Now many would say that “the markets want smaller deficits” and I personally really don’t like that response.  Anyone who claims to know with certainty what markets should already own vast amounts of wealth.  Such a person, who can read through intuition the markets desires, would simply have to be an outstanding investor.  Bill Gross, an outstanding investor and one of the global sovereign debt markets’ largest private sector participants understands the dilemma facing international policy makers today.  He understands the reality that contracting government expenditures will ultimately result in shrinking aggregate demand and end up with debt taking up a higher percentage of GDP.  That’s exactly why this situation is a dilemma.  There will be pain no matter which path is chose and the common sense solution exacerbates the problem rather than alleviates it.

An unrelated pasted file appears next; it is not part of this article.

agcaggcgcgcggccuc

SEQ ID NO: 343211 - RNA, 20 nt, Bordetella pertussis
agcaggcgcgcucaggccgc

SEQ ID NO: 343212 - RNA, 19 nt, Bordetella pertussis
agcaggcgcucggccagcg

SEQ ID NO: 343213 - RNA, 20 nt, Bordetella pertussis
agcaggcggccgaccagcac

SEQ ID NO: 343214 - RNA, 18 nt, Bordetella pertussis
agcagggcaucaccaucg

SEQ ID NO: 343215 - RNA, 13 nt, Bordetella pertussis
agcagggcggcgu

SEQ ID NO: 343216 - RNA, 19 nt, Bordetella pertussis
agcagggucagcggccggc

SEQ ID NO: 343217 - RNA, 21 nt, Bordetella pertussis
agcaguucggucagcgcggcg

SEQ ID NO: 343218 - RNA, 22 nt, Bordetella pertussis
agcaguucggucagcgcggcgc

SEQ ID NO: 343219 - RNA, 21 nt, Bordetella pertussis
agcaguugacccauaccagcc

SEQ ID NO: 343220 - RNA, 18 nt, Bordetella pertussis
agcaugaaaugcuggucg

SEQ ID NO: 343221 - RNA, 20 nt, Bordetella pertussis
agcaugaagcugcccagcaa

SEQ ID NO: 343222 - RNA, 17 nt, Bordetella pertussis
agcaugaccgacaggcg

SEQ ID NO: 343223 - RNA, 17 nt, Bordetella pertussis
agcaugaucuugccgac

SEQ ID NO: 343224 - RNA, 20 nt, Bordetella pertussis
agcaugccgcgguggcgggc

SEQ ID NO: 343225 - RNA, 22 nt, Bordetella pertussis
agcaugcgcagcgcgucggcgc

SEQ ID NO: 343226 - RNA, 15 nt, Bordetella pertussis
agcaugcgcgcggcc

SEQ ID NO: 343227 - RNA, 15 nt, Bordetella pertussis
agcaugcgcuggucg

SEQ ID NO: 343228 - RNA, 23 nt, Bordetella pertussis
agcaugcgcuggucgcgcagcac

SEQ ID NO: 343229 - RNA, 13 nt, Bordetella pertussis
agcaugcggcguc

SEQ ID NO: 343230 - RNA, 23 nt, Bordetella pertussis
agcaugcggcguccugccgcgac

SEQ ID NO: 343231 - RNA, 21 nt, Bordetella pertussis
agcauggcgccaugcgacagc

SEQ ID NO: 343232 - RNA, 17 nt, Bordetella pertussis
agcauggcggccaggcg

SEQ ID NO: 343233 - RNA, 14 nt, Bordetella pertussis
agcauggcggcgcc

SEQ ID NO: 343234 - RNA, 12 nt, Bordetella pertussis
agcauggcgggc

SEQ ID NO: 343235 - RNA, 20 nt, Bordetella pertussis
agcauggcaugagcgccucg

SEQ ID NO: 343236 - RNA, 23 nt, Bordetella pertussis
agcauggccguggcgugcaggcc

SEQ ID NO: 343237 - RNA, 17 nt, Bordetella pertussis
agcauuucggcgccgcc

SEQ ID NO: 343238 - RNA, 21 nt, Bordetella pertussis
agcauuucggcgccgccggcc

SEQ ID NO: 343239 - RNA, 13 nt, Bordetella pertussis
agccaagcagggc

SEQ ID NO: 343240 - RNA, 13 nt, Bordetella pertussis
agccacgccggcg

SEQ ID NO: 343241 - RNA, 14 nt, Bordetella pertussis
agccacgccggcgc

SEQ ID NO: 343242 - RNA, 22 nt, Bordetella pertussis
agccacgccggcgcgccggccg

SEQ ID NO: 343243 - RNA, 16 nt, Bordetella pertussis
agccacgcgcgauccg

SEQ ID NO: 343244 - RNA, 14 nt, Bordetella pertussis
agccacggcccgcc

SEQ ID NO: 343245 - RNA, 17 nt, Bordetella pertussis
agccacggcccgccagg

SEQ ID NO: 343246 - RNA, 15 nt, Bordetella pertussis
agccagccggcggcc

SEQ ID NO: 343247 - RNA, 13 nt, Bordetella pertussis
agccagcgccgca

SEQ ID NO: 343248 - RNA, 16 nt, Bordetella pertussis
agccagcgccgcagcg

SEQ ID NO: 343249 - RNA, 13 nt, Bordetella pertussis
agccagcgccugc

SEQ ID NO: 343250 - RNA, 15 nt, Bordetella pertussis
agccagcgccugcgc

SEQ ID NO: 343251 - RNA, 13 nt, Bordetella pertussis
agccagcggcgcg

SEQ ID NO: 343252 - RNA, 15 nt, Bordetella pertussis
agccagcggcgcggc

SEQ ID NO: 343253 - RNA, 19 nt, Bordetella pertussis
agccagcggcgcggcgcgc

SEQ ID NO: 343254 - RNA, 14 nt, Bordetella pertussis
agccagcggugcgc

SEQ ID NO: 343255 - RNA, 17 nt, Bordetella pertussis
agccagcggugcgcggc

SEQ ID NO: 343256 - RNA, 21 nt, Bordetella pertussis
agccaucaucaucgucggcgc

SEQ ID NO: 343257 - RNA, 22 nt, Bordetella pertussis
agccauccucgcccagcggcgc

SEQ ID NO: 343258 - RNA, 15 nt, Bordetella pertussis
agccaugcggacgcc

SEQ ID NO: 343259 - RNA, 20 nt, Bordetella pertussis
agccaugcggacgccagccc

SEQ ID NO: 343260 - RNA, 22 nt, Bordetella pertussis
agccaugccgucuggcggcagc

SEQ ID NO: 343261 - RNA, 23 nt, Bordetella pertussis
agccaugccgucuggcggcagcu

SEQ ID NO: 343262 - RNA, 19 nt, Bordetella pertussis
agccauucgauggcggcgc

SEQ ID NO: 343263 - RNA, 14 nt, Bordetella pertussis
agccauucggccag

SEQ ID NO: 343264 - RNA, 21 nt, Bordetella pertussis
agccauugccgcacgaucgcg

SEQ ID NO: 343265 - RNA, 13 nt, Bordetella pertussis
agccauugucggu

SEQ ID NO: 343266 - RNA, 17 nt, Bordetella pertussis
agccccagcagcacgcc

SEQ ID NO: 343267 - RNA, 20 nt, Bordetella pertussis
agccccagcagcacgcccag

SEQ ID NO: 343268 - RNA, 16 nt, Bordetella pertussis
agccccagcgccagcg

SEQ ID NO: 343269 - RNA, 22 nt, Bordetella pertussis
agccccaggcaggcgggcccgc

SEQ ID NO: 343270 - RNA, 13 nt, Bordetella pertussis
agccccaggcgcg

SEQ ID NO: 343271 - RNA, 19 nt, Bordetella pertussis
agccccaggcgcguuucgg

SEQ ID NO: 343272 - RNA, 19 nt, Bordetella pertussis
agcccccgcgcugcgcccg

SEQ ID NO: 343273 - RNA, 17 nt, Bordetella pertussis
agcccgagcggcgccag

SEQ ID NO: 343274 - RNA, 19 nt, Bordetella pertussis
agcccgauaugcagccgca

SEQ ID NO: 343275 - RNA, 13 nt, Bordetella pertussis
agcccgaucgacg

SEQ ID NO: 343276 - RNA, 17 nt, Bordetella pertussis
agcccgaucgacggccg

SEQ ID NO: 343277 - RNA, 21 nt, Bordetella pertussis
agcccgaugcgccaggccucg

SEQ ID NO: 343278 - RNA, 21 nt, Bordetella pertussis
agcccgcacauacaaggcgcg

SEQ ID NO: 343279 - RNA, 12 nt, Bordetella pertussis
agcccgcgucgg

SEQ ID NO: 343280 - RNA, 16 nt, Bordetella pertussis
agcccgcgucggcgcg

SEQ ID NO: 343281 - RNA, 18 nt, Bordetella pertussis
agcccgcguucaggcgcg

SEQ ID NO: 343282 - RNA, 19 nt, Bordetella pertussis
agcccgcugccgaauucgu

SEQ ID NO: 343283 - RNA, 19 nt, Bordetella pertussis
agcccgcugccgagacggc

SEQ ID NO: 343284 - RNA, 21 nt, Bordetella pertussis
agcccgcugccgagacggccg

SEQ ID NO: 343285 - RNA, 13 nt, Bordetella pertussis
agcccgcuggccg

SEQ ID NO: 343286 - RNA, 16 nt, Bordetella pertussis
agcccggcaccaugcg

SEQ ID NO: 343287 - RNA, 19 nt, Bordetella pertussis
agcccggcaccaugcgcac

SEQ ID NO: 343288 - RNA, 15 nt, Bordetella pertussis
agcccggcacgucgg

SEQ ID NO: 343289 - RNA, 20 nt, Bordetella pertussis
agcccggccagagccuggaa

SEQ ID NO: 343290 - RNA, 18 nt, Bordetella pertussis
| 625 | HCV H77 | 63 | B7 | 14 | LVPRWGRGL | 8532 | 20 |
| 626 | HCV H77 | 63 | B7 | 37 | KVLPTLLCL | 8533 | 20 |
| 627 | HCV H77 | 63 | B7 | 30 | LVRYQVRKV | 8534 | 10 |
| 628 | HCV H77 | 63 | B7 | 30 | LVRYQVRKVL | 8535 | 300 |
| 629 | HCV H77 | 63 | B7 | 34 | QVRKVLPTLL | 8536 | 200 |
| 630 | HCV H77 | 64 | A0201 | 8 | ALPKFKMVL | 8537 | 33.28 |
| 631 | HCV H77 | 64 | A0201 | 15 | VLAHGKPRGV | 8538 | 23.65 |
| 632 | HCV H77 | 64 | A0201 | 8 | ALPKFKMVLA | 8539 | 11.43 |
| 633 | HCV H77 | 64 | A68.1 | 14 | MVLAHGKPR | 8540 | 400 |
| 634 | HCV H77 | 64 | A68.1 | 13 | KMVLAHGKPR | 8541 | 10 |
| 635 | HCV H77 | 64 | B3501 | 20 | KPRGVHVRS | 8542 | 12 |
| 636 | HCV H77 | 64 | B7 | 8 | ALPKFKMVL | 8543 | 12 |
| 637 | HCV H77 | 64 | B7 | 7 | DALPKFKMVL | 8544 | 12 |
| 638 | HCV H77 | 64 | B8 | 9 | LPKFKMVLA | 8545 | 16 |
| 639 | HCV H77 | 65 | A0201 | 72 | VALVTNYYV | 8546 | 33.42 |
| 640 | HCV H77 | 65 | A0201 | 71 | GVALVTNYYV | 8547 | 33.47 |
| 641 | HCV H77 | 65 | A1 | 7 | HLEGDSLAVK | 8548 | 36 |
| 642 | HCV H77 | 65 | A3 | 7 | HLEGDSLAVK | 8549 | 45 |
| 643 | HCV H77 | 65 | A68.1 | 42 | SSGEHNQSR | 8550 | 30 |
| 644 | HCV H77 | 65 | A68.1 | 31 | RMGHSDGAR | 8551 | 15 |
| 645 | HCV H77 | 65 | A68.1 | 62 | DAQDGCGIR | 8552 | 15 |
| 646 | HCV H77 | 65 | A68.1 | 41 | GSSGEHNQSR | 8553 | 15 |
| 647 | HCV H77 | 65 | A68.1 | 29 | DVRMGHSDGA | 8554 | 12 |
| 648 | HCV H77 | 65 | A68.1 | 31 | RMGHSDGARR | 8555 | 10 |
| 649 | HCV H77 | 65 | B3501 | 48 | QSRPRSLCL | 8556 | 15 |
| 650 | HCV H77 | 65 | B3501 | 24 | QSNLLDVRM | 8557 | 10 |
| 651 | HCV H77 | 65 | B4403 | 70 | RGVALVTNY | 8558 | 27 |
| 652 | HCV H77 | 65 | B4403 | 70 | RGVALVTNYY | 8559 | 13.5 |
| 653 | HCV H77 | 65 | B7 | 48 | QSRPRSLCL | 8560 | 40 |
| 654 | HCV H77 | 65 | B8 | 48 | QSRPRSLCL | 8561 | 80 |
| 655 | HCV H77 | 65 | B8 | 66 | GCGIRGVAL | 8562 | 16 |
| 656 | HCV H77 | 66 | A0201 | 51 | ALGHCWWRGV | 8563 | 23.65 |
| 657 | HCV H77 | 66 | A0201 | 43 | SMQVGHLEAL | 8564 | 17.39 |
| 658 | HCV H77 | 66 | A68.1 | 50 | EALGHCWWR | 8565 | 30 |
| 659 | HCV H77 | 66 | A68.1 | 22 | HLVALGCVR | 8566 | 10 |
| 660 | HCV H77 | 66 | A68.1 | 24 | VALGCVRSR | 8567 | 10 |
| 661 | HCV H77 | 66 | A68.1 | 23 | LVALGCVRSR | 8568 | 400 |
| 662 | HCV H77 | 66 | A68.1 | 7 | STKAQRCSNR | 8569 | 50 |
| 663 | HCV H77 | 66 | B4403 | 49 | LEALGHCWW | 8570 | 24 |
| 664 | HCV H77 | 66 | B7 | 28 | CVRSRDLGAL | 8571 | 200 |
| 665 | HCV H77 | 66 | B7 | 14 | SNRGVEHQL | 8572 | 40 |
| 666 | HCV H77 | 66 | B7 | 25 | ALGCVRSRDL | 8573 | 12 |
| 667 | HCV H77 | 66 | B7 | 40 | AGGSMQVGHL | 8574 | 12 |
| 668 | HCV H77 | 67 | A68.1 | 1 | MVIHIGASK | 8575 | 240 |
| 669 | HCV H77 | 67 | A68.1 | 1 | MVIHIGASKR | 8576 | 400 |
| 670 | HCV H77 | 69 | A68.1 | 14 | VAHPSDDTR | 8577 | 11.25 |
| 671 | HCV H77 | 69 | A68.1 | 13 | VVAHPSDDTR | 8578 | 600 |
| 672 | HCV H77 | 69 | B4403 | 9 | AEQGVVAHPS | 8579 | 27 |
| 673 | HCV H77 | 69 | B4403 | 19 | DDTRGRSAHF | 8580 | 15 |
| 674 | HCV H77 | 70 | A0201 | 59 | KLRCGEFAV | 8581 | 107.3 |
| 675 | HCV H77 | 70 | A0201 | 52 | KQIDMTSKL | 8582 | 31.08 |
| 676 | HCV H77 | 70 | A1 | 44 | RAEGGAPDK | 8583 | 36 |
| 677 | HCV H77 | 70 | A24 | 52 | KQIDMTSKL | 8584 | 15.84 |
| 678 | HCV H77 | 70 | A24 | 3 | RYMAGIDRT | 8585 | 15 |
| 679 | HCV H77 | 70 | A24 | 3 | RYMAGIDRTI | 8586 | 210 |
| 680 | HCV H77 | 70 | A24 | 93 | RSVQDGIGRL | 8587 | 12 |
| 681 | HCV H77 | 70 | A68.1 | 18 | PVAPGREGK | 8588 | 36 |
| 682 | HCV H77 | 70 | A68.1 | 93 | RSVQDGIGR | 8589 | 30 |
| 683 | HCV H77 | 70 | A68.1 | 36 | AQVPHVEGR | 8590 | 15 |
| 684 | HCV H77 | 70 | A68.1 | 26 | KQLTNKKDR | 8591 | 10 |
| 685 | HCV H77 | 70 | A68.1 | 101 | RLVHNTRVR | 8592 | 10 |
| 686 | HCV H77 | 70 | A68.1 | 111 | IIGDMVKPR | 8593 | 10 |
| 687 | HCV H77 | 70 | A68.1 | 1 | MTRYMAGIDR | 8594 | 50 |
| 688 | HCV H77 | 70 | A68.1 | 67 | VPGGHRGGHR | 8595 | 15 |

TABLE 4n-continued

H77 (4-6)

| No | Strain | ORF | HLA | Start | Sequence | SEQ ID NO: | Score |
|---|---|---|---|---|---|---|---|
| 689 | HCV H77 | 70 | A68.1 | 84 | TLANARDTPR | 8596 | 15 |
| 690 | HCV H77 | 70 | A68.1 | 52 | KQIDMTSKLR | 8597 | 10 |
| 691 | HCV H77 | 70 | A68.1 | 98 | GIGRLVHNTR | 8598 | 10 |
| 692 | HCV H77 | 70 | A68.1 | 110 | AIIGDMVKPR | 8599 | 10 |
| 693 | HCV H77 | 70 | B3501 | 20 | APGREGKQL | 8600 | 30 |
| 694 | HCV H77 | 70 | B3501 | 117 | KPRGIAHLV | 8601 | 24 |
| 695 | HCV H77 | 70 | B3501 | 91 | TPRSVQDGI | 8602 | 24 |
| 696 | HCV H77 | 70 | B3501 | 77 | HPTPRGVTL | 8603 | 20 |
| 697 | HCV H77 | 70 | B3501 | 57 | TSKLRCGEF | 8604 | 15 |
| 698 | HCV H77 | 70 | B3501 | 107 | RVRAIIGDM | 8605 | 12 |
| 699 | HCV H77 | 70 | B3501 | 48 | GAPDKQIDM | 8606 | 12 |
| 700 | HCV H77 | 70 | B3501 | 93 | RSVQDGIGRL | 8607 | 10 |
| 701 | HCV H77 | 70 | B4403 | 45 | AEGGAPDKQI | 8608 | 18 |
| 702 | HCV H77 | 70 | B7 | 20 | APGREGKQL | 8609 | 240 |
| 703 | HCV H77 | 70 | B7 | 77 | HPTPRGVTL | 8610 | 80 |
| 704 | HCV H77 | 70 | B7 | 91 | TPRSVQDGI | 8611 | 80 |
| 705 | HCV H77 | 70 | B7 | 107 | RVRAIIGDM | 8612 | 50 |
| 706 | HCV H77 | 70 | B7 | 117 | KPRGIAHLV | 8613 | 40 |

Most troubling is that people who advocate the cutting of deficits as the mechanism to escape this lingering financial crisis are making a conscious preferential choice to deflate, rather than inflate the economy, in many cases without even knowing of the consequences.  Deflationary times are incredibly dangerous.  In a time of deflation, there is less risk in hoarding cash than there is in investing.  Those who hold cash are rewarded with positive returns without even deploying their capital at all.  Investment drops substantially in a deflationary environment. Economies essentially collapse amidst the snowballing rush for cash and absence of consumption and investment.